ATP empowers farmers, future agriculturalists with knowledge, skills

ATP’s Sevak Movsisyan demonstrates winter grafting to visiting farmers at the Bilezikian Grafting Facility.

ATP’s tree nurseries not only produce seedlings for ATP’s nation-wide planting programs, but also serve as centers where the necessary technical knowledge and skills to improve the overall propagation and quality of trees produced in Armenia are provided to both experienced and new agriculturalists.

A central training location is Karin Nursery in the Aragatsotn province, where ATP hosts dozens of Agrarian University students and professionals each year. Here, students have the opportunity to close the gap between theory and practice.

Most recently a group of farmers from the Tavush province visited Karin Nursery to experience winter fruit tree grafting, a practice that is not common in Armenia due to the lack of facilities and proper equipment.

In 2020, the Bilezikian Grafting Facility was added to the Karin nursery complex. The facility led to significant advancements in ATP’s methods of fruit tree propagation and also contributed to the country’s overall knowledge, as such facilities are few. Visits to the facility are tailored to specific areas of interest. During the Tavush farmers’ visit, learning about winter grafting of persimmon and pear trees species was important, as the farmers specialized in the cultivation of these species in their hometowns. The group visit was organized by CARD Foundation within the framework of the “Rural economic development-New Economic opportunities” program, financed by USAID Armenia. The main goal of the program is to make high-quality services and inputs available to fruit growers.

“Coming here and seeing this place, you realize that no matter how much you already know you can still learn more ,” says Seroj Mirzoyan, a visiting farmer who has spent his entire life growing vegetables and fruit trees in the village of Aknaghbyur.

ATP’s nursery staff, who have spent the past 26 years mastering the art of tree propagation, agree. With a changing global climate, innovation in agriculture and approaches to knowledge exchange and learning are rapidly evolving. Everybody involved in farming, advising, research, training and education is facing a number of challenges in order to adjust.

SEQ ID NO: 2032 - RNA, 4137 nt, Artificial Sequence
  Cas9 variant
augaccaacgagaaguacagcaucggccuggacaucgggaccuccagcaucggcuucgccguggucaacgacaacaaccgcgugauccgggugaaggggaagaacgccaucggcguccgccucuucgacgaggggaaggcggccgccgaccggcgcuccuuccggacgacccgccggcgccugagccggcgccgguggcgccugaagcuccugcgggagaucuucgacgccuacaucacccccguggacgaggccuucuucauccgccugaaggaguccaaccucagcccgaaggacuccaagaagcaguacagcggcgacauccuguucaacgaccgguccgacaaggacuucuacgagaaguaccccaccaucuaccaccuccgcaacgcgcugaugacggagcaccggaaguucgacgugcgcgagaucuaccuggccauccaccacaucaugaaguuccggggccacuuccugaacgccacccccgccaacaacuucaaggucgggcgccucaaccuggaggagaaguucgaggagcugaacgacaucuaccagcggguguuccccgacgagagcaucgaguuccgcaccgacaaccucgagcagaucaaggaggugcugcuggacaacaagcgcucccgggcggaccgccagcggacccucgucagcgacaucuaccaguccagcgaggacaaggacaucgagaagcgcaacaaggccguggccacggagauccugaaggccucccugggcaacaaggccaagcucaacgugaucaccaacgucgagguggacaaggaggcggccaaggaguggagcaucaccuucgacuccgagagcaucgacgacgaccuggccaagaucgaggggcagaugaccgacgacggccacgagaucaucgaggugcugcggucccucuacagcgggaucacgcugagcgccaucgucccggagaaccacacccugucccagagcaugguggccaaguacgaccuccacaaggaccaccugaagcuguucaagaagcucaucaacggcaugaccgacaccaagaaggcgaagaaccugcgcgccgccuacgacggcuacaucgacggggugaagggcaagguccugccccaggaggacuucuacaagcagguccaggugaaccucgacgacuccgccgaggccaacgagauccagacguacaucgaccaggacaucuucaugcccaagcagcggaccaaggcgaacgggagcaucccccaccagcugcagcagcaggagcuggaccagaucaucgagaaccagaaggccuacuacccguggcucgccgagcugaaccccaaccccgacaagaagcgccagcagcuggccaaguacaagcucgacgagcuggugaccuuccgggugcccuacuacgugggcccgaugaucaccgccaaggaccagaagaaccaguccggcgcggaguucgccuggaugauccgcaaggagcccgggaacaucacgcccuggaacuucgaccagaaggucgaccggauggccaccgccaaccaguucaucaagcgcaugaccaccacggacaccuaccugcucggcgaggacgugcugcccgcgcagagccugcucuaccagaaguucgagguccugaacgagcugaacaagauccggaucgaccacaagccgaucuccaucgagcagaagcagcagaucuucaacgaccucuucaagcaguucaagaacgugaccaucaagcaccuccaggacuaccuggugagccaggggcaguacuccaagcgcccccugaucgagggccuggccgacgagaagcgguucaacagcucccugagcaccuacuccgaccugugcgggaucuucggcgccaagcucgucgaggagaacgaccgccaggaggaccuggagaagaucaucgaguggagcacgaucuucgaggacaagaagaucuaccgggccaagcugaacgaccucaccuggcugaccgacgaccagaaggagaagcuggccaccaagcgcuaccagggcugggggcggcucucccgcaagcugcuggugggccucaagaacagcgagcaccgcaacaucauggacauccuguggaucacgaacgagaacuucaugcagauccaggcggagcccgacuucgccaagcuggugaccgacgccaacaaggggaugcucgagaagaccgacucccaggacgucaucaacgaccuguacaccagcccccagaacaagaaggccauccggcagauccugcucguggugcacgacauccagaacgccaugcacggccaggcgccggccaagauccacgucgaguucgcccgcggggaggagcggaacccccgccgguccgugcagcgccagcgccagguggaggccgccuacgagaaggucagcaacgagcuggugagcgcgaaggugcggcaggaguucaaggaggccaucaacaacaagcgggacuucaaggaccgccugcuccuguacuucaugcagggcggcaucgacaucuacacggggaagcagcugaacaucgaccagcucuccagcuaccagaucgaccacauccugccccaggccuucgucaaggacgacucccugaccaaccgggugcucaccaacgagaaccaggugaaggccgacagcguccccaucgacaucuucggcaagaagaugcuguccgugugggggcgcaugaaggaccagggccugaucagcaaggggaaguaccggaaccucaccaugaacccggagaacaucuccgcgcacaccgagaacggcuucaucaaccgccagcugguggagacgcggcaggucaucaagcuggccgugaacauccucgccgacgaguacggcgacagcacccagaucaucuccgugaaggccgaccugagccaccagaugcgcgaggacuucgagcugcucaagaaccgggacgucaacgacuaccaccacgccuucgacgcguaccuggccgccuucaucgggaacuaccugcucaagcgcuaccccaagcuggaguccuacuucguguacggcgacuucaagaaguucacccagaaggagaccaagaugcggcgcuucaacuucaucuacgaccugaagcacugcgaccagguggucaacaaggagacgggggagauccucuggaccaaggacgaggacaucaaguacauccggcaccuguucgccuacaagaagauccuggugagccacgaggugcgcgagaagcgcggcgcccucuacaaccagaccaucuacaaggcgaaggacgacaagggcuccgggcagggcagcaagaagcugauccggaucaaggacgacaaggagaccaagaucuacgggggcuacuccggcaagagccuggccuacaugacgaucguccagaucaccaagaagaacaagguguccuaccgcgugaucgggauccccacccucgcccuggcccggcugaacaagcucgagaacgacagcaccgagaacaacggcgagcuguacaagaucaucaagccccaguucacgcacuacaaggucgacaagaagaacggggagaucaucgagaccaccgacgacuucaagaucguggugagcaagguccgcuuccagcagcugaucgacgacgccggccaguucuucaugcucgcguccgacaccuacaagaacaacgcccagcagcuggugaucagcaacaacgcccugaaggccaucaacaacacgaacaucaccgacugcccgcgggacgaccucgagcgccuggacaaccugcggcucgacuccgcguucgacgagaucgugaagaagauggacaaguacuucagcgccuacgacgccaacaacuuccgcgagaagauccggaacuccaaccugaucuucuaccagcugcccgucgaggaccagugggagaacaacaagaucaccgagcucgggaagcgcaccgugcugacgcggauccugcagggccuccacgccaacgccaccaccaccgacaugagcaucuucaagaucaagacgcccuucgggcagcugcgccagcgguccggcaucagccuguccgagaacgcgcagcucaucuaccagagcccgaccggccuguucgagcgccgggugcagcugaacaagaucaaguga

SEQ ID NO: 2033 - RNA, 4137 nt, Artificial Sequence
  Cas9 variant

“It’s my first time seeing a nursery of this kind, with such high standards,” says Sergey Galstyan, another one of the visiting farmers from Tavush. “There are species we’ve searched for throughout the years and haven’t found. As it turned out today, they were under our noses all along, and we were trying to acquire them from abroad somehow, but these people have already made that possible. This is a very serious operation. I’m very impressed.”

Among the many species available, ATP is also propagating dwarf tree species, which are in high demand among farmers, because of the advantages they offer over regular fruit trees. In addition to helping reforestation efforts in Armenia, ATP is adding to its catalogue of trees to support the Armenian farmer.

Experts agree Armenia’s current nursery capacity and trained specialists are insufficient for meeting its goals of doubling the forest cover by 2050, for which an estimated 500 million seedlings are needed. In response to that, ATP and the National Agrarian University partnered up to address this capacity building issue. Students from the university participate in internships and field research at ATP’s nurseries and greenhouses.

After a visit to Karin Nursery for grafting practice, Slava Nazaryan, a student from the Armenian National Agrarian University, said, “One of the things that caught my attention was that each rootstock was washed carefully and disinfected in manganese solution before being grafted and stored. This is a very important factor, which is often overlooked by nursery owners.”

“Our tree propagation and planting formula has proven to be successful with a higher than average survival rate,” said ATP operations manager Arthur Harutyunyan. “We mean to share our knowledge and spread awareness about national as well as international best practices that can be adapted in Armenia to ensure that trees are planted thoughtfully, with careful consideration of several factors and the long-term in mind,” he continued. 

ATP propagates nearly 55 different species of endemic and adapted trees, using a mix of the latest technologies and traditional local practices. Its nurseries are enriched with greenhouses, different drip irrigation systems, protective netting and more. The fields are laid out according to carefully designed plot maps, created with the best outcome of tree quality in mind.


Armenia Tree Project (ATP) is a non-profit program based in Woburn and Yerevan conducting vitally important environmental projects in Armenia's cities and villages and seeks support in advancing its reforestation mission. Since 1994, ATP has planted and restored more than 6,000,000 trees, and hundreds of jobs have been created for Armenians in seasonal tree-related programs.

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